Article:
On September 24, the CFPB published an updated reverse mortgage guide on its blog to account for HUD’s recent changes to reverse mortgage programs. The blog post highlights new limits to lump sum, first-year payouts under reverse mortgages, as well as HUD’s new protections for non-borrowing spouses. For example, non-borrowing eligible spouses no longer need to choose between paying off the reverse mortgage or moving out when their borrowing spouse dies; instead, depending on the circumstances, they may be able to stay in the home. Consistent with its first reverse mortgage guide, issued in July 2012, the Bureau’s new guide strongly encourages consumers to consider all options before obtaining a reverse mortgage and points to HUD-approved housing counselors as their best resource.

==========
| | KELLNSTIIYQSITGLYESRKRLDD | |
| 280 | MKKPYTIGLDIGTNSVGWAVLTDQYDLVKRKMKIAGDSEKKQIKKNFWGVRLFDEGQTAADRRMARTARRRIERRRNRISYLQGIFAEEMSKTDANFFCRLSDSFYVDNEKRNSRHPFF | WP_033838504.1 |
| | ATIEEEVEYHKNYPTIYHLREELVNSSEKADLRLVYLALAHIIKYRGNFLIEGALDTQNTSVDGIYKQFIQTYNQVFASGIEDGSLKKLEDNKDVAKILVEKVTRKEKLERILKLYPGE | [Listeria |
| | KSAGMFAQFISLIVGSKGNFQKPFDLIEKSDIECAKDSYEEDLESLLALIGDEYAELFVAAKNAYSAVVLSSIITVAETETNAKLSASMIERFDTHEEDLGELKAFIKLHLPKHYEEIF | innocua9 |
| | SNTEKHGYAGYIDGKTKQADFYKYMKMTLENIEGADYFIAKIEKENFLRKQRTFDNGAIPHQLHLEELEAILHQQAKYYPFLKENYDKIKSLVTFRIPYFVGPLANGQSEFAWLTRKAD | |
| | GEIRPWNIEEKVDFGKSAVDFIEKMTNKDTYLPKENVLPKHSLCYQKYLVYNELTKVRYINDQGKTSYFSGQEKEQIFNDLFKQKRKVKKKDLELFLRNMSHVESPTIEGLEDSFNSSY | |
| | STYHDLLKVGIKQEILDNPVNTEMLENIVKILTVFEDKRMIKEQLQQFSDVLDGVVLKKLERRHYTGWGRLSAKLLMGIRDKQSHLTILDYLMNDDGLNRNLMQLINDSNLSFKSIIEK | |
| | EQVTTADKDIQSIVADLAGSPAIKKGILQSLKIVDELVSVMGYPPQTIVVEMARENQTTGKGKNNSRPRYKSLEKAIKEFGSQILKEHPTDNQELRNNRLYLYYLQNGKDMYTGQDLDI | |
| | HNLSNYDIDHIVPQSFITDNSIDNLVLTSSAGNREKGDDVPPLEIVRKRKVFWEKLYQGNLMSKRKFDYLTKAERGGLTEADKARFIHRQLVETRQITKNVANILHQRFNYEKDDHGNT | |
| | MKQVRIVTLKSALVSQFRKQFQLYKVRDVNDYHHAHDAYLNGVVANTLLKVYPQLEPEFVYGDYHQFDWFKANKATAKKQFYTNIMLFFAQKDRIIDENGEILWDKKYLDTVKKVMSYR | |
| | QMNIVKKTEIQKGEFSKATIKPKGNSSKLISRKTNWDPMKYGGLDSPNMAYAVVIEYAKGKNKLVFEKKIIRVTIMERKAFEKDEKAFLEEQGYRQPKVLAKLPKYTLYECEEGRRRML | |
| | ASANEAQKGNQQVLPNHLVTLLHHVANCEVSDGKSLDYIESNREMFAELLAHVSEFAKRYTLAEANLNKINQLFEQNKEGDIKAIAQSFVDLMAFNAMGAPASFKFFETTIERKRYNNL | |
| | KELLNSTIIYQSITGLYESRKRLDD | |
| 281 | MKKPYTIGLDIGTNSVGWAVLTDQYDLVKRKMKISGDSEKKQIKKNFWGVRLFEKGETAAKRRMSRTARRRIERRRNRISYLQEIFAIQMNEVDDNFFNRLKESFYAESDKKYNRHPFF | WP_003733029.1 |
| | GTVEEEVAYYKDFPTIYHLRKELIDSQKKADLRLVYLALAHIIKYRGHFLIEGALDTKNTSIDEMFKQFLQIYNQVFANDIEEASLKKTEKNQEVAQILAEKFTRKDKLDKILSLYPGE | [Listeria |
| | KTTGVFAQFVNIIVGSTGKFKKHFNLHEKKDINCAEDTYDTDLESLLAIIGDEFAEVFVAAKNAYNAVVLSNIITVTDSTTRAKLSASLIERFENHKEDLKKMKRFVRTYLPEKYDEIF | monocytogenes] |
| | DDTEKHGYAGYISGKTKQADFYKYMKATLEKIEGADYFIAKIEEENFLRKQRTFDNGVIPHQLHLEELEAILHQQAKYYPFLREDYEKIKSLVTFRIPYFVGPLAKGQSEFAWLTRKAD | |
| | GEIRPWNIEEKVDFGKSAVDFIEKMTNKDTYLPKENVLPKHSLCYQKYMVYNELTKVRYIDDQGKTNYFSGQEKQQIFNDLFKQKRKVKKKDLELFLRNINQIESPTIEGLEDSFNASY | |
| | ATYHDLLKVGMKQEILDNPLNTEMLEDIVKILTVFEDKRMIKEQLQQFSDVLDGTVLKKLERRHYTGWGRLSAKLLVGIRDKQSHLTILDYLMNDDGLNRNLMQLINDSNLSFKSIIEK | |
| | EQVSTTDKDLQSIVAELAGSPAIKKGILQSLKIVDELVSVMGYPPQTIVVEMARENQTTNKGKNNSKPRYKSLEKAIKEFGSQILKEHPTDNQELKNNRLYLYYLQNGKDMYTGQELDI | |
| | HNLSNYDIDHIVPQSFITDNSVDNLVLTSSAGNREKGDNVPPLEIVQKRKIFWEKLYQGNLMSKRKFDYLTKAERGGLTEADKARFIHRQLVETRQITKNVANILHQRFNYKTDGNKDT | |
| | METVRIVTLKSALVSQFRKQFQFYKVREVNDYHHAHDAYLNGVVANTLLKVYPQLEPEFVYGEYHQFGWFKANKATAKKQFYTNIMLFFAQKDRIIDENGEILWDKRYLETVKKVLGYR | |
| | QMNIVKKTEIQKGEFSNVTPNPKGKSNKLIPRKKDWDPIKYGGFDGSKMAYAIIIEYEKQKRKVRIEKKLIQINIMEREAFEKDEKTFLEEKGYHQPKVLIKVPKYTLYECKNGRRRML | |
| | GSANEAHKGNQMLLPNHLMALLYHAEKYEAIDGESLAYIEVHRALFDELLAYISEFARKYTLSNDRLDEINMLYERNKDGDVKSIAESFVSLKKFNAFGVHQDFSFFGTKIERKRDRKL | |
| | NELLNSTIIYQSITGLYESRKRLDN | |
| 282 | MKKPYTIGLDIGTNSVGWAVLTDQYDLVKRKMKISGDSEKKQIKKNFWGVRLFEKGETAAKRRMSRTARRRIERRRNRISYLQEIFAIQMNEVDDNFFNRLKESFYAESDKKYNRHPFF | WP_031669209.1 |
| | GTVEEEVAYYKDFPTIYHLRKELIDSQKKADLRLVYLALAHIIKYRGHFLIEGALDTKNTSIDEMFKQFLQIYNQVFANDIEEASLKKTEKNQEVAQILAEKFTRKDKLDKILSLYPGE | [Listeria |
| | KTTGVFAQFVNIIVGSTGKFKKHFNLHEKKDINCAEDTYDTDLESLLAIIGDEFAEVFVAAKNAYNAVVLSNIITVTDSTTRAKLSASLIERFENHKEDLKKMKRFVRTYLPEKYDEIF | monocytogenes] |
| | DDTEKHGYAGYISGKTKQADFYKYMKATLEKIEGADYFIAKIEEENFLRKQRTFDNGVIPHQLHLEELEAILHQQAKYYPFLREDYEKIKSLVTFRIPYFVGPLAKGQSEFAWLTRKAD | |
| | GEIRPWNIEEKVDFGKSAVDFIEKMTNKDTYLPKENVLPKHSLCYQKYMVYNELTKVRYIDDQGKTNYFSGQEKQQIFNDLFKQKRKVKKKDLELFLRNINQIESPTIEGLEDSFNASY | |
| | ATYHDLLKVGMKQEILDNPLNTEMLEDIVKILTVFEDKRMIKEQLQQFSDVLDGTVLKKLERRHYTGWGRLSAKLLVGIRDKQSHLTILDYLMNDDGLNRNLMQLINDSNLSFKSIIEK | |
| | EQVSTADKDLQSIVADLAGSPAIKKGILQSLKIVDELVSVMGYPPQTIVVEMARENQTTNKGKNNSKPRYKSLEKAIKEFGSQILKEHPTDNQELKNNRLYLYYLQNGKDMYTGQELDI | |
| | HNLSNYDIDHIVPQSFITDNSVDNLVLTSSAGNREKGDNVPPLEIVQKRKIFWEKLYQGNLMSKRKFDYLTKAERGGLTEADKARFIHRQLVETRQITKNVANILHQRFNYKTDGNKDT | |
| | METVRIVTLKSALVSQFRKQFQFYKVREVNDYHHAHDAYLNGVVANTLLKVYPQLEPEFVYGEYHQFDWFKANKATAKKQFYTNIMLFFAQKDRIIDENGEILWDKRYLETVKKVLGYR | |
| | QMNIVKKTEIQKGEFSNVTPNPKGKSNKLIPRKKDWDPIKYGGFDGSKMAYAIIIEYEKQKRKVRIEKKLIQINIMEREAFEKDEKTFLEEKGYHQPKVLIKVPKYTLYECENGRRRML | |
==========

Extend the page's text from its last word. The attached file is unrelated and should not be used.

On September 23, the CFPB issued a Final Rule that defines which nonbank covered persons are designated “larger participants” for purposes of the international money transfer market. In particular, this rule, which finalizes a January 2014 proposed rule, defines an entity as a larger participant if it has at least one million aggregate annual international money transfers. The final rule will be effective December 1, 2014. In addition, the Final Rule defines an international money transfer market to cover certain electronic transfers of funds sent by nonbanks that are international money transfer providers. These transfers must be requested by a sender in a State to be sent to a designated recipient in a foreign country. While the Final Rule’s definitions are modeled in part on the definitions of “remittance transfer” and related terms in the Electronic Fund Transfer Act (EFTA) and its implementing regulation, Regulation E, there are some substantive differences. For example, transfers of $15 or less can be ‘‘international money transfers’’ but not “remittance transfers.” The CFPB provides a procedure for a person to dispute whether it qualifies as a larger participant in the international money transfer market and also asserts that there are only approximately 10 potential larger participants that qualify as small businesses.